Is Catholic confession app anti-gay?


Yes, according to a gay rights group called Truth Wins Out.

But first some background. In case you missed the news, the Catholic Church has sanctioned a new iPhone/iPad app called "Confession: A Roman Catholic App." It's available through iTunes for $1.99.

Despite some of the mocking headlines when it was released ("Can't Make it to Confession? There's an App for That," "Catholic Church Approves Confession by iPhone," and "New, Church-Approved iPhone Offers Confession on the Go") the application isn't a way for Catholics to confess, it's a way for Catholics to prepare for confession.

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According to Fr. Edward Beck, writing for ABCNews.com, the application "leads you through an 'Examination of Conscience' to help you figure out what your real sins are."

As it turns out, according to the Catholic News Agency, the app, developed by Little iApps, is a hit, having risen to the No. 1 spot in the "Lifestyle" section of Apple's app store. Ryan Kreager, Little iApps' co-founder and developer, told CNA that the app has generated lots of interest, and not just from Catholics. "The response that we've gotten from non-Catholics-from our Protestant brothers in Christ, as well as those outside the Christian faith-has been largely positive . . . 'The Examination of Conscience' portion gives anyone an opportunity to consider: 'How am I doing in my walk with God?'"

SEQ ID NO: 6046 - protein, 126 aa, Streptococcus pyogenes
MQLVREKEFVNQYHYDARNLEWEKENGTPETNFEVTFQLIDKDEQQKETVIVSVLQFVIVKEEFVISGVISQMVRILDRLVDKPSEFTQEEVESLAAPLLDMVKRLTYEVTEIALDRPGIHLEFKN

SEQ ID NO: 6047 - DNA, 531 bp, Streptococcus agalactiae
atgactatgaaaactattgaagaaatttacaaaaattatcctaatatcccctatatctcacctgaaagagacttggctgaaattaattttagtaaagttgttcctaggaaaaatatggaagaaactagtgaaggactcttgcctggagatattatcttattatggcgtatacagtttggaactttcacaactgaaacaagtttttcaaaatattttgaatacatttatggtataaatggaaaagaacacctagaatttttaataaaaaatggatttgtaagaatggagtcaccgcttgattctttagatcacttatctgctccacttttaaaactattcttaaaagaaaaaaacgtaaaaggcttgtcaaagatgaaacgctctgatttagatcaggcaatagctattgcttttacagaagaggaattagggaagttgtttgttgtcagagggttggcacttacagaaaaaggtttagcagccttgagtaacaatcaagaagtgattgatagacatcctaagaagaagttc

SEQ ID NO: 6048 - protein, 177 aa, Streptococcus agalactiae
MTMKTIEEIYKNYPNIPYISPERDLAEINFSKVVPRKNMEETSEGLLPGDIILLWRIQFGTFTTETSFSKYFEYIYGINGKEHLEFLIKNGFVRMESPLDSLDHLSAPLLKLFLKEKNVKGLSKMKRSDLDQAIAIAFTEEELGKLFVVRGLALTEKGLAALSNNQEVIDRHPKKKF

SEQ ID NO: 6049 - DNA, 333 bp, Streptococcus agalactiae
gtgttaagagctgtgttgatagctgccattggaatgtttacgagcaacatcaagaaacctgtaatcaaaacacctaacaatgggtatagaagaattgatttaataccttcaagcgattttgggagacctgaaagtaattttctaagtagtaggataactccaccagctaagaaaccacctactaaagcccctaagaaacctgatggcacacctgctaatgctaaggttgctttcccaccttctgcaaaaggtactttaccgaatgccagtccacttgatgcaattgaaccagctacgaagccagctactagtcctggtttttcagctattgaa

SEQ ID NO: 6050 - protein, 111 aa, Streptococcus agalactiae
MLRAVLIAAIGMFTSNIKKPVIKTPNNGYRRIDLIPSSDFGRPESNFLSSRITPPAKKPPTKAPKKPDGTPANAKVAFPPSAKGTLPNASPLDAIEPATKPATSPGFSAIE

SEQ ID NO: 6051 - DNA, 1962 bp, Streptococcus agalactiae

But back to the not-so-positive response. According to Wayne Besen, executive director of the British gay rights organization Truth Wins Out, the app is anti-gay. Why? Because it includes among its many questions for those preparing for confession this one: "Have I been guilty of any homosexual activity?"

Besen calls that "promoting anti-gay spiritual abuse." He goes on to say in an article in Britain's Guardian newspaper that the app is "helping to create neurotic individuals who are ashamed of who they are. . . . Gay Catholics don't need to confess, they need to come out of the closet and challenge anti-gay dogma. The false idea that being gay is something to be ashamed of has destroyed too many lives."

While I'm sure Besen's accusations don't have Vatican or other Christian authorities quaking in their boots exactly, it's important to remember that it wasn't that long ago that the Manhattan Declaration app was pulled from the iTunes store after activists claimed it was anti-gay. Advocacy groups who claim victimhood and cry hate speech have many receptive listeners, for whom Church autonomy means little.

Marcia Segelstein
Marcia Segelstein


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